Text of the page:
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State won’t have to pay for Delta’s Paris flight

Tom Fontaine

Pennsylvania taxpayers won’t have to subsidize Delta Air Lines’ Pittsburgh-to-Paris flight for underperforming expectations over the past year, but it remains unknown whether the flight lost money or turned a profit in its second year of operation.

“The final numbers aren’t in,” said Ken Zapinski, vice president of the Allegheny Conference on Community Development. “We do know the flight is doing substantially better.”

Delta began the nonstop service in June 2009, with the state and the conference agreeing to pay the airline up to $9 million over two years to offset potential losses.

The route lost more than $5 million in its first year, resulting in the state and conference splitting the maximum $5 million subsidy, Zapinski said. He did not say exactly how much money the route lost.

This year, the state won’t pay anything, based on preliminary findings, state Department of Community and Economic Development spokesman Steven Kratz said in an e-mail.

That means the route lost no more than $2 million, if anything.

The agreement held the Allegheny Conference responsible for the first half of subsidy payments and the state responsible for the second half. For example, the two groups were on the hook to offset losses of up to $4 million this year, of which the conference would potentially cover the first $2 million lost and the state would pick up the remaining $2 million.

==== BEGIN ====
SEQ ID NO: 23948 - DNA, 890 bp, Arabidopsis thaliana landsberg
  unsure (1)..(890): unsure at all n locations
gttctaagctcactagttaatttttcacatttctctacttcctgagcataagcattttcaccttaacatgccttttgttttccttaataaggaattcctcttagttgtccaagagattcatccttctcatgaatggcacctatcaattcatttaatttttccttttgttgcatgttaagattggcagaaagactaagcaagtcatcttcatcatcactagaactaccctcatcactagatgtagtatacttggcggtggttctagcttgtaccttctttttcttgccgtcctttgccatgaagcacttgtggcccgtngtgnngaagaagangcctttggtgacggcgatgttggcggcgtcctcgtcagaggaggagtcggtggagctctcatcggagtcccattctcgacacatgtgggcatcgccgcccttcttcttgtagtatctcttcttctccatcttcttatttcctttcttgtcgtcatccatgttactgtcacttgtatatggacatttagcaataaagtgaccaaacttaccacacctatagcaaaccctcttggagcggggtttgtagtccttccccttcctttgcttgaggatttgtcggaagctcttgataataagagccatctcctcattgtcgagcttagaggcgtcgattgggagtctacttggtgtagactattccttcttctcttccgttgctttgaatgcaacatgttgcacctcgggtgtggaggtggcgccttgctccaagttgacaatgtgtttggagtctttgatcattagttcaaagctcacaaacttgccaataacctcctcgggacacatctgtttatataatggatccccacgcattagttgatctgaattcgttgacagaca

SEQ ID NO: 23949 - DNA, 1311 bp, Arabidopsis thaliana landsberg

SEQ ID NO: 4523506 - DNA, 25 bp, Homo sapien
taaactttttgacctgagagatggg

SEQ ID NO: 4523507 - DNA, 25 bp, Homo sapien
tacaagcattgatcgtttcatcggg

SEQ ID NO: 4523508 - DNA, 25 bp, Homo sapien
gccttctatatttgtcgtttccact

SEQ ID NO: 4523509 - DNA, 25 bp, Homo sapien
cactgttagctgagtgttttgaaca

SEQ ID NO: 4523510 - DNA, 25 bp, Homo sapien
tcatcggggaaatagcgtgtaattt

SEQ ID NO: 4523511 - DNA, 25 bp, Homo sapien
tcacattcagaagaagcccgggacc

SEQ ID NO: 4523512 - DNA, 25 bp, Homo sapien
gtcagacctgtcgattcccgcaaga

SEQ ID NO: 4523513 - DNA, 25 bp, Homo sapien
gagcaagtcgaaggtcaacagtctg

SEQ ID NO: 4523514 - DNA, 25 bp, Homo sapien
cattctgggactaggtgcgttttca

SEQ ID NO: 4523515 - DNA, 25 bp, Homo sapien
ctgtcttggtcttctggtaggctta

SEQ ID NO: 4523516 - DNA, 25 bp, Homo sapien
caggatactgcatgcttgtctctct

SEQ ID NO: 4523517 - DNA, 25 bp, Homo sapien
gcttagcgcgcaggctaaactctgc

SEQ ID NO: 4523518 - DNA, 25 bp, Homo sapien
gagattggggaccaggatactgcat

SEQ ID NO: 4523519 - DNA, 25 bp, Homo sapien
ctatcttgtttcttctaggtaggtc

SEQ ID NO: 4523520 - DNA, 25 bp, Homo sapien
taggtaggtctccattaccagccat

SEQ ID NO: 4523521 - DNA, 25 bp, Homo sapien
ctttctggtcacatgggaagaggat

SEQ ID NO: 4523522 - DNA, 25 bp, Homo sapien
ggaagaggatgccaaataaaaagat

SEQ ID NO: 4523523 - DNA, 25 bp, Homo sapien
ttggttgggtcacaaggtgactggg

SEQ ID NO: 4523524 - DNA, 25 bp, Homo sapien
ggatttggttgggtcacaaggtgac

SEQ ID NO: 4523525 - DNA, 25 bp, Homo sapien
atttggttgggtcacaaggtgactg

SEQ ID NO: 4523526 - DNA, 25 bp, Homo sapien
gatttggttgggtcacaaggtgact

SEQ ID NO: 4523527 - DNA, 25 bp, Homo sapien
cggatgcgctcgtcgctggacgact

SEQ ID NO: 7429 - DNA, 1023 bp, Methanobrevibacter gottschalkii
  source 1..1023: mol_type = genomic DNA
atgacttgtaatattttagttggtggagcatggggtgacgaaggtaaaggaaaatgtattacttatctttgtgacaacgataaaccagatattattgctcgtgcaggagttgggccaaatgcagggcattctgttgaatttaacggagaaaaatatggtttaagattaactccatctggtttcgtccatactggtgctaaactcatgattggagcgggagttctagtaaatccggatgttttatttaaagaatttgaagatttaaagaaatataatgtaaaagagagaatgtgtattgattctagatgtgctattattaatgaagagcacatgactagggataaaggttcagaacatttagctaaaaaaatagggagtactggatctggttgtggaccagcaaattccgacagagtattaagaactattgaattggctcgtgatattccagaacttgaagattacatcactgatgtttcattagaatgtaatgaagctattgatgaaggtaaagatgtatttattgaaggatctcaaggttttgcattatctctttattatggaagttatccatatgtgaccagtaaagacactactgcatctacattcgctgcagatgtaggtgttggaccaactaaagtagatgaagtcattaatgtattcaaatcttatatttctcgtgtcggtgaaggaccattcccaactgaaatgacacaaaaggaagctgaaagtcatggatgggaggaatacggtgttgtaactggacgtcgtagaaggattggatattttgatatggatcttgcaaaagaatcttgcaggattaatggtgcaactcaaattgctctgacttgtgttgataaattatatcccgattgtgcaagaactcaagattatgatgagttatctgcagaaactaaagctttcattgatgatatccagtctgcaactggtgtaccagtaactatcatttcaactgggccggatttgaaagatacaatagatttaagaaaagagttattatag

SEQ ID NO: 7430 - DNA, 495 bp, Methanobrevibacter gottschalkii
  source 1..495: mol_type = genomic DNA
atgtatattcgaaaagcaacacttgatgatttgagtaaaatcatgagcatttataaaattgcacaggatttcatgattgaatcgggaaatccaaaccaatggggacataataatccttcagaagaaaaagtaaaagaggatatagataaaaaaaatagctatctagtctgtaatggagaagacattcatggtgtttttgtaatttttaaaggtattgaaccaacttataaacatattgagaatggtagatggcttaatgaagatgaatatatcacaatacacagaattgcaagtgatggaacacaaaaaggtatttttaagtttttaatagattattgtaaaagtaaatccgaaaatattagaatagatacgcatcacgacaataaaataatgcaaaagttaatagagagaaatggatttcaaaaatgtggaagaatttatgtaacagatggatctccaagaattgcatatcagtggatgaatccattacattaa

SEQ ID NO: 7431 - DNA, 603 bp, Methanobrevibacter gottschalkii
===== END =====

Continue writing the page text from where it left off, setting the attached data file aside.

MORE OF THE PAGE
If statistics show the route lost money, the conference will pick up the tab with private money from corporate dues and foundation funding it receives, Zapinski said.

“We think it’s been a good investment,” he said.

GlobalPittsburgh President Roger Cranville agreed, calling the flight “critical for the region’s economic well-being.”

Cranville said the flight has helped companies be more productive by shortening overseas commute times, and made the region more attractive to companies considering doing business here. The link is also important to area universities that are active overseas and educate thousands of foreign students.

The flight also generated an undetermined amount of local revenue through increased visitor spending and money generated by added airline fees, jet fuel purchases, cargo deliveries, concessions and other means, said Allegheny County Airport Authority Executive Director Brad Penrod.

The flight will continue through at least Aug. 31. Delta said it is evaluating the route’s summer performance to determine whether to keep it.


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